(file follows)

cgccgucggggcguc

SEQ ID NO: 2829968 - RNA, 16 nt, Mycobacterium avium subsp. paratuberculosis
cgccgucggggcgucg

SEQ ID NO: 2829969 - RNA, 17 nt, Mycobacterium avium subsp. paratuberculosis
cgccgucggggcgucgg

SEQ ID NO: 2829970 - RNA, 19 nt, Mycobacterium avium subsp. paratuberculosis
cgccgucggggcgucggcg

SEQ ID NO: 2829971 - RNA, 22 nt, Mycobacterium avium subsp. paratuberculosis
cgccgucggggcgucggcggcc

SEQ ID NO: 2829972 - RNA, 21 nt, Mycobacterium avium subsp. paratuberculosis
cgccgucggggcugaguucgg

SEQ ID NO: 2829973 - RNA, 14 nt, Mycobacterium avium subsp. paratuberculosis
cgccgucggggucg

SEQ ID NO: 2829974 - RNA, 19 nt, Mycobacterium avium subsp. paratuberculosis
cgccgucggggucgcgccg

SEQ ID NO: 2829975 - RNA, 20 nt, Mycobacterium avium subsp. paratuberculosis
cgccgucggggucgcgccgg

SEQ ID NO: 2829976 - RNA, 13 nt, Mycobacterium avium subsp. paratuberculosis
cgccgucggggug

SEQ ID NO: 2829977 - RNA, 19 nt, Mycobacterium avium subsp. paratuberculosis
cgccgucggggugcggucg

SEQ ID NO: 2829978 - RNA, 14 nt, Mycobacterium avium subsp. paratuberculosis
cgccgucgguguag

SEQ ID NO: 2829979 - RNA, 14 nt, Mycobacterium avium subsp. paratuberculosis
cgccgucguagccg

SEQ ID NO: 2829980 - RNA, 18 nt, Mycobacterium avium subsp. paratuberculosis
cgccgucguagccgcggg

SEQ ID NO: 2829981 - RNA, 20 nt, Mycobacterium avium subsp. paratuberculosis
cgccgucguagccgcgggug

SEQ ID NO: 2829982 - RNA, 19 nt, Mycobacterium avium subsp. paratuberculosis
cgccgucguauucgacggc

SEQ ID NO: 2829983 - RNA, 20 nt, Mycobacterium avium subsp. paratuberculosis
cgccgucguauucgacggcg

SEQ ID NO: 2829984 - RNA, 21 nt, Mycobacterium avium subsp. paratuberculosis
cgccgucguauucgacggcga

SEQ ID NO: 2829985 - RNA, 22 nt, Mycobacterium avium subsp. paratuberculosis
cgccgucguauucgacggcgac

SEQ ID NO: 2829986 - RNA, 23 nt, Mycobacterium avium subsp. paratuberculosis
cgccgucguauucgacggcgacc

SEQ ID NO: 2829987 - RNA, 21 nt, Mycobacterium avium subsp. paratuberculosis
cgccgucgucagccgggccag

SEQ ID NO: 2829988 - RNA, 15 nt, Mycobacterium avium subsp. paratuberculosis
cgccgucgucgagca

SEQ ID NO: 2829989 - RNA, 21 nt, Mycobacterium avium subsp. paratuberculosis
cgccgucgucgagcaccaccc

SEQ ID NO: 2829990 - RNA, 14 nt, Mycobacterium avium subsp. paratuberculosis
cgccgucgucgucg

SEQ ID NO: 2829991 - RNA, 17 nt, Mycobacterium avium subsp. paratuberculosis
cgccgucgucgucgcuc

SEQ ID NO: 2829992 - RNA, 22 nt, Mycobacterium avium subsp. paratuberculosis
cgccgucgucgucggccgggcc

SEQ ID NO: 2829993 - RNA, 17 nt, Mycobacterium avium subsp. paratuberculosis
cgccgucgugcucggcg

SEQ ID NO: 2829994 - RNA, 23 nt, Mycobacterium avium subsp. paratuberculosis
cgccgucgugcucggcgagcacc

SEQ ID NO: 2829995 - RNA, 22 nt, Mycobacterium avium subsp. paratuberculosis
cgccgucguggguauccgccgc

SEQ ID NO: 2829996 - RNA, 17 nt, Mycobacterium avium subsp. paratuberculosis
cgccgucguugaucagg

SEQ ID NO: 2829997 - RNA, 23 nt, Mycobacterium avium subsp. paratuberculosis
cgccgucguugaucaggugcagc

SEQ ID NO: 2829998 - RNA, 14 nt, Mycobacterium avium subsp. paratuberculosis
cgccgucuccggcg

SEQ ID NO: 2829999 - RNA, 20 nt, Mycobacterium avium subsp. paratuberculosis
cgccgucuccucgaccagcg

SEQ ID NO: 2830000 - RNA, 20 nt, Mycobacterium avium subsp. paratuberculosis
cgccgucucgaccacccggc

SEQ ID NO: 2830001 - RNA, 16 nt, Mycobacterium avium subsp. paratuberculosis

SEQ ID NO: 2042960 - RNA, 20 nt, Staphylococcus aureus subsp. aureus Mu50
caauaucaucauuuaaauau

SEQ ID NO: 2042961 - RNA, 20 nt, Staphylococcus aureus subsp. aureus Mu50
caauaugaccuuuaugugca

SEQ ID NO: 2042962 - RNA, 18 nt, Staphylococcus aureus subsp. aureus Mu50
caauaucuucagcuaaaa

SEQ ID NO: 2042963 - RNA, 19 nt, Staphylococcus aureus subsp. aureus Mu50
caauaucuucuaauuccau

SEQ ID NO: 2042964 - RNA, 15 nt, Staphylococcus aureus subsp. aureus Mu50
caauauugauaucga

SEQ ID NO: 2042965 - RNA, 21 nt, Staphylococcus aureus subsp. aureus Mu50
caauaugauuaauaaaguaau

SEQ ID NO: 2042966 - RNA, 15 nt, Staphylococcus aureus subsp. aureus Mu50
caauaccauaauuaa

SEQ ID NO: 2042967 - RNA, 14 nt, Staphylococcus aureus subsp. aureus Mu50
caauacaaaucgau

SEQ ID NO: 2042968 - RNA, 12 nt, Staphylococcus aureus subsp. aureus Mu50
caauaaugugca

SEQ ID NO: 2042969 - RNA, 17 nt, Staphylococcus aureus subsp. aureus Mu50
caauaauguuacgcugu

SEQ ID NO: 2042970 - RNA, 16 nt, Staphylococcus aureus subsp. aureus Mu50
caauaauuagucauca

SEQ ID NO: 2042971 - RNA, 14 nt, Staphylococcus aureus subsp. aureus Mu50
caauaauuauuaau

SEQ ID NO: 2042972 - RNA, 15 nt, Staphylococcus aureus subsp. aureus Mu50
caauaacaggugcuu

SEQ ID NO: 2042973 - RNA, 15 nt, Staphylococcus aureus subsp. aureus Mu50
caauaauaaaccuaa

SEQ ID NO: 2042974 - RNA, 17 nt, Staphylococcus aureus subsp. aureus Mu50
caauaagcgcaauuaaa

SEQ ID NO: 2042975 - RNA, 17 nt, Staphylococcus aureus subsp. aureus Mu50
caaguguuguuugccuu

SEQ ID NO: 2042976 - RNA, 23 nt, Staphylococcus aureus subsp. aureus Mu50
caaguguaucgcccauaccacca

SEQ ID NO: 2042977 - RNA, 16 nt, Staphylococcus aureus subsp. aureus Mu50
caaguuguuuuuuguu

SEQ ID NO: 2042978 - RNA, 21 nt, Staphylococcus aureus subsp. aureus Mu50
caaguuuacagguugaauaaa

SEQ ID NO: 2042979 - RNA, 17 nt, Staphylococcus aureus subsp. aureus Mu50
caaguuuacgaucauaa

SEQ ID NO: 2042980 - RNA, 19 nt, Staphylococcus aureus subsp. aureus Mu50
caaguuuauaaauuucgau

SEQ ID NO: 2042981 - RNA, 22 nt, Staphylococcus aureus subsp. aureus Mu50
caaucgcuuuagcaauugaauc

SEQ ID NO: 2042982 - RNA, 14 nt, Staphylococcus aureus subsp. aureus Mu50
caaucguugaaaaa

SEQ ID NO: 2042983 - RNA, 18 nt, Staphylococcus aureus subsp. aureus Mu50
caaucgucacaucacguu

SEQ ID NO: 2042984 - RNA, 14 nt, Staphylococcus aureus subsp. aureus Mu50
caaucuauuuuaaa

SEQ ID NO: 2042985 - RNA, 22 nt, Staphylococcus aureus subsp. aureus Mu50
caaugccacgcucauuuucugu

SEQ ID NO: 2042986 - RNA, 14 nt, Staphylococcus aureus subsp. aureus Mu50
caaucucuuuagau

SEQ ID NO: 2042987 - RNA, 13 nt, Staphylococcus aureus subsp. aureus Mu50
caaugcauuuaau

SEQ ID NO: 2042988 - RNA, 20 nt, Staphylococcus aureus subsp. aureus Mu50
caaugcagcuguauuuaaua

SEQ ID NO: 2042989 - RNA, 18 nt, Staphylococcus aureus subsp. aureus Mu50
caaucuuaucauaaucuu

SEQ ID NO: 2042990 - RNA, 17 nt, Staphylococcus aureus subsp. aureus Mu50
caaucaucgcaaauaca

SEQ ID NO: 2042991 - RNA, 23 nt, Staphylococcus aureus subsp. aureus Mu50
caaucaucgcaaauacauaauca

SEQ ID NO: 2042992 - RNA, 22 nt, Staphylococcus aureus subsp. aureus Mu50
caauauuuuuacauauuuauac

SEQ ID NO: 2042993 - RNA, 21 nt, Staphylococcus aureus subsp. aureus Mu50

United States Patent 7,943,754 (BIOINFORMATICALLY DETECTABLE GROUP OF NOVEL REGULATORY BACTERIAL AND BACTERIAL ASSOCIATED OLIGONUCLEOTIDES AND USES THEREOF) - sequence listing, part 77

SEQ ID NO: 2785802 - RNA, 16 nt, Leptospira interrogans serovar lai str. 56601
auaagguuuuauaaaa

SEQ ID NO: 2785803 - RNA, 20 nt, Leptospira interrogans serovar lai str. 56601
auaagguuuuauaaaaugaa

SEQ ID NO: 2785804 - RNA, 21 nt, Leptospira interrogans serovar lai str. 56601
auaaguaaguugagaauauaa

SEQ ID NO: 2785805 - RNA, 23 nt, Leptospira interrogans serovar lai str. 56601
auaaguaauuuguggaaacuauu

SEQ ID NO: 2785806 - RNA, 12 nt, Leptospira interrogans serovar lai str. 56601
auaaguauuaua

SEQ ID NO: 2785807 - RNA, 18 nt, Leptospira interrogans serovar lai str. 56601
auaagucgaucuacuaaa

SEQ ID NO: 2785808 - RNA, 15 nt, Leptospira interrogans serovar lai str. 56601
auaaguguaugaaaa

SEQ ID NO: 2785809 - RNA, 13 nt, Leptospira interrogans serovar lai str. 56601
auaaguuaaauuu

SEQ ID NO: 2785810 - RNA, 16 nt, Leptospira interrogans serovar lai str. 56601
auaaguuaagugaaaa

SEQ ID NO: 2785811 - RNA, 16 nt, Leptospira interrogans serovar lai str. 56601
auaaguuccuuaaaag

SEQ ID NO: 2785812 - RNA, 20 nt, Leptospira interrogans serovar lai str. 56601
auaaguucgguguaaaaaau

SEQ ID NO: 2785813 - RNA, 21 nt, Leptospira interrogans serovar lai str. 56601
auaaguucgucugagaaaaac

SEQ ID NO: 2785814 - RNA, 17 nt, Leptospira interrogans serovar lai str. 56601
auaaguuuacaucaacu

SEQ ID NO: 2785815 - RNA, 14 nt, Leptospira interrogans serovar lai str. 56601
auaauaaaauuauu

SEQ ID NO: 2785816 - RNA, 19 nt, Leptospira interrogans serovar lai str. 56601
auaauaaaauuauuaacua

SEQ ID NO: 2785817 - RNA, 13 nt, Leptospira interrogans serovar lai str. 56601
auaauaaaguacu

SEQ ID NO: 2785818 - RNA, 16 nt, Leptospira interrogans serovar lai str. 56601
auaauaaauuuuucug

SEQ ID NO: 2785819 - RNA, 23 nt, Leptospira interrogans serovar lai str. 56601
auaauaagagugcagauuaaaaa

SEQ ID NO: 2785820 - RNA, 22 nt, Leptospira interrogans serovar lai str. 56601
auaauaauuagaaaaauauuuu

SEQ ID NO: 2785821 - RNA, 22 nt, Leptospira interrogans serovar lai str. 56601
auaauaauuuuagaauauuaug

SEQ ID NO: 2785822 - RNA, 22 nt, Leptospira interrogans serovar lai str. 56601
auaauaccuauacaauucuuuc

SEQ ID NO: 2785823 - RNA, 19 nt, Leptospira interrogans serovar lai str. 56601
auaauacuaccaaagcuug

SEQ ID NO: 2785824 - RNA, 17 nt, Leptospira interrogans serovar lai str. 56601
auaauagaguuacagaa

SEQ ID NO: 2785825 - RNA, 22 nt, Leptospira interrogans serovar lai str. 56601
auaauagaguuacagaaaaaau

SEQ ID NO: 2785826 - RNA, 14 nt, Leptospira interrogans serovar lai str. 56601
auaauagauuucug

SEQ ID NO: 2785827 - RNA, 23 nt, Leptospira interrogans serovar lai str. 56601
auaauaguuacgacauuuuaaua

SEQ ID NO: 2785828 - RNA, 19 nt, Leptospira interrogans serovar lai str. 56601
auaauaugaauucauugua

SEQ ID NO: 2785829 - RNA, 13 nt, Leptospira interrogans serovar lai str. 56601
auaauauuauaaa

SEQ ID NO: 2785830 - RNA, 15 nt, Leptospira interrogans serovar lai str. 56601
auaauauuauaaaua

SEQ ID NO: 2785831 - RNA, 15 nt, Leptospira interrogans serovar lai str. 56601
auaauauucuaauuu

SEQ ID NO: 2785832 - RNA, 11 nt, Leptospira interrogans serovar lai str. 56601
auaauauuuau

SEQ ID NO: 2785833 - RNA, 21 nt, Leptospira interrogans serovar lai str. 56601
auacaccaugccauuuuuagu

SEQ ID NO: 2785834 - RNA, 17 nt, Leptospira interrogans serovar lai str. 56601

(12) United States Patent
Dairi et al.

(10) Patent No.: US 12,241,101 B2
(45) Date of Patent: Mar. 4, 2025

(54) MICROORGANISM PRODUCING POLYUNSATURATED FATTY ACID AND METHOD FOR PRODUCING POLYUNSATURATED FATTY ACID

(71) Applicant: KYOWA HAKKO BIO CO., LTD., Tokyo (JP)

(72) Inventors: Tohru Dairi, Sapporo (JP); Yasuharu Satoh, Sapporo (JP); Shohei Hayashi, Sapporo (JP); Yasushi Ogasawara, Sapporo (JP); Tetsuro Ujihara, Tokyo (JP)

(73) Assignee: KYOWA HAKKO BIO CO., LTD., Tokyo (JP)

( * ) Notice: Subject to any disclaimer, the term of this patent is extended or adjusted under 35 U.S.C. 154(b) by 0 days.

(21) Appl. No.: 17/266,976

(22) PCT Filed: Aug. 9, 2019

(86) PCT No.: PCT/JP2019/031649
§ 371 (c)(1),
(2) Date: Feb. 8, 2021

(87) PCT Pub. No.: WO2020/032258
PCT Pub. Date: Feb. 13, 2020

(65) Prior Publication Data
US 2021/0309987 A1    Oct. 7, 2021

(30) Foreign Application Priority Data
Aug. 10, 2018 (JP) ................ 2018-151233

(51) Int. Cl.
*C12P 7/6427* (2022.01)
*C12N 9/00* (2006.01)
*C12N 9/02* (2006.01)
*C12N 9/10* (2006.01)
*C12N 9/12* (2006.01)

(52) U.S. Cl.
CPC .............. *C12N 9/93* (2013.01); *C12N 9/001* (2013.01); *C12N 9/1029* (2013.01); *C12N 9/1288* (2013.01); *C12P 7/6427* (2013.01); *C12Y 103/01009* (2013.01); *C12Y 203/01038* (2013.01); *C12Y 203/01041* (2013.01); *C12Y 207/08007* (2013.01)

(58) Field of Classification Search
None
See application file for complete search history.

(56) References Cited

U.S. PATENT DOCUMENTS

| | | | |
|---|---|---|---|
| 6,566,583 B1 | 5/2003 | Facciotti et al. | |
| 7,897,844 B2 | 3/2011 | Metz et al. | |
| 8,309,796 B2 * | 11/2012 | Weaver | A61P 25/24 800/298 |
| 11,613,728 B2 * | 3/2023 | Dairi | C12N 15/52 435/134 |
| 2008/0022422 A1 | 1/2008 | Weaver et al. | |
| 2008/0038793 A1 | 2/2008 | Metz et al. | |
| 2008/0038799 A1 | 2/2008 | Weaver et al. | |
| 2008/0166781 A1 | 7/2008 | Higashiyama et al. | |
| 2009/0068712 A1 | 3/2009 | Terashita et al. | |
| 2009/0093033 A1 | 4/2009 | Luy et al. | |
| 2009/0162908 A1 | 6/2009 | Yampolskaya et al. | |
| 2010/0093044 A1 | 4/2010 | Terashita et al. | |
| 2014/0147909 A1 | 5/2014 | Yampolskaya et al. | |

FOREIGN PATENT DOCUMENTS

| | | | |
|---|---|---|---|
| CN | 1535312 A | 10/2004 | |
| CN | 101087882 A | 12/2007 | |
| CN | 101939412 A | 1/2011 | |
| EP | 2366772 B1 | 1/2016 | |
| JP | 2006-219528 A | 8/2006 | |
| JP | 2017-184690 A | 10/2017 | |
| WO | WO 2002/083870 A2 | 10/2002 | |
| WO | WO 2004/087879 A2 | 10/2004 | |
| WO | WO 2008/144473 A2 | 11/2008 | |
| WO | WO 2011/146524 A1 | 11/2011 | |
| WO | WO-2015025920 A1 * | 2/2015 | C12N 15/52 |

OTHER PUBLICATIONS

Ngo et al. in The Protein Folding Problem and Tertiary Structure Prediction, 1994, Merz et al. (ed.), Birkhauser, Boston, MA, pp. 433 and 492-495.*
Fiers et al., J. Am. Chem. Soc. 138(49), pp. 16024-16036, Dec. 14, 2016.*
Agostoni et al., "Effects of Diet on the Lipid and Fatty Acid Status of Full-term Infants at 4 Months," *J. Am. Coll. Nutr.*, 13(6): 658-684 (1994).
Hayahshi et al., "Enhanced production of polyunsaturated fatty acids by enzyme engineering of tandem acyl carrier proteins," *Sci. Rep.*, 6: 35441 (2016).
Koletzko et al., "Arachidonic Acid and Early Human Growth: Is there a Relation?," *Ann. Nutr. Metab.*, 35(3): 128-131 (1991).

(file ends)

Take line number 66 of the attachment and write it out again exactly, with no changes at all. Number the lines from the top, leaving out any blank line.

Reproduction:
SEQ ID NO: 2830000 - RNA, 20 nt, Mycobacterium avium subsp. paratuberculosis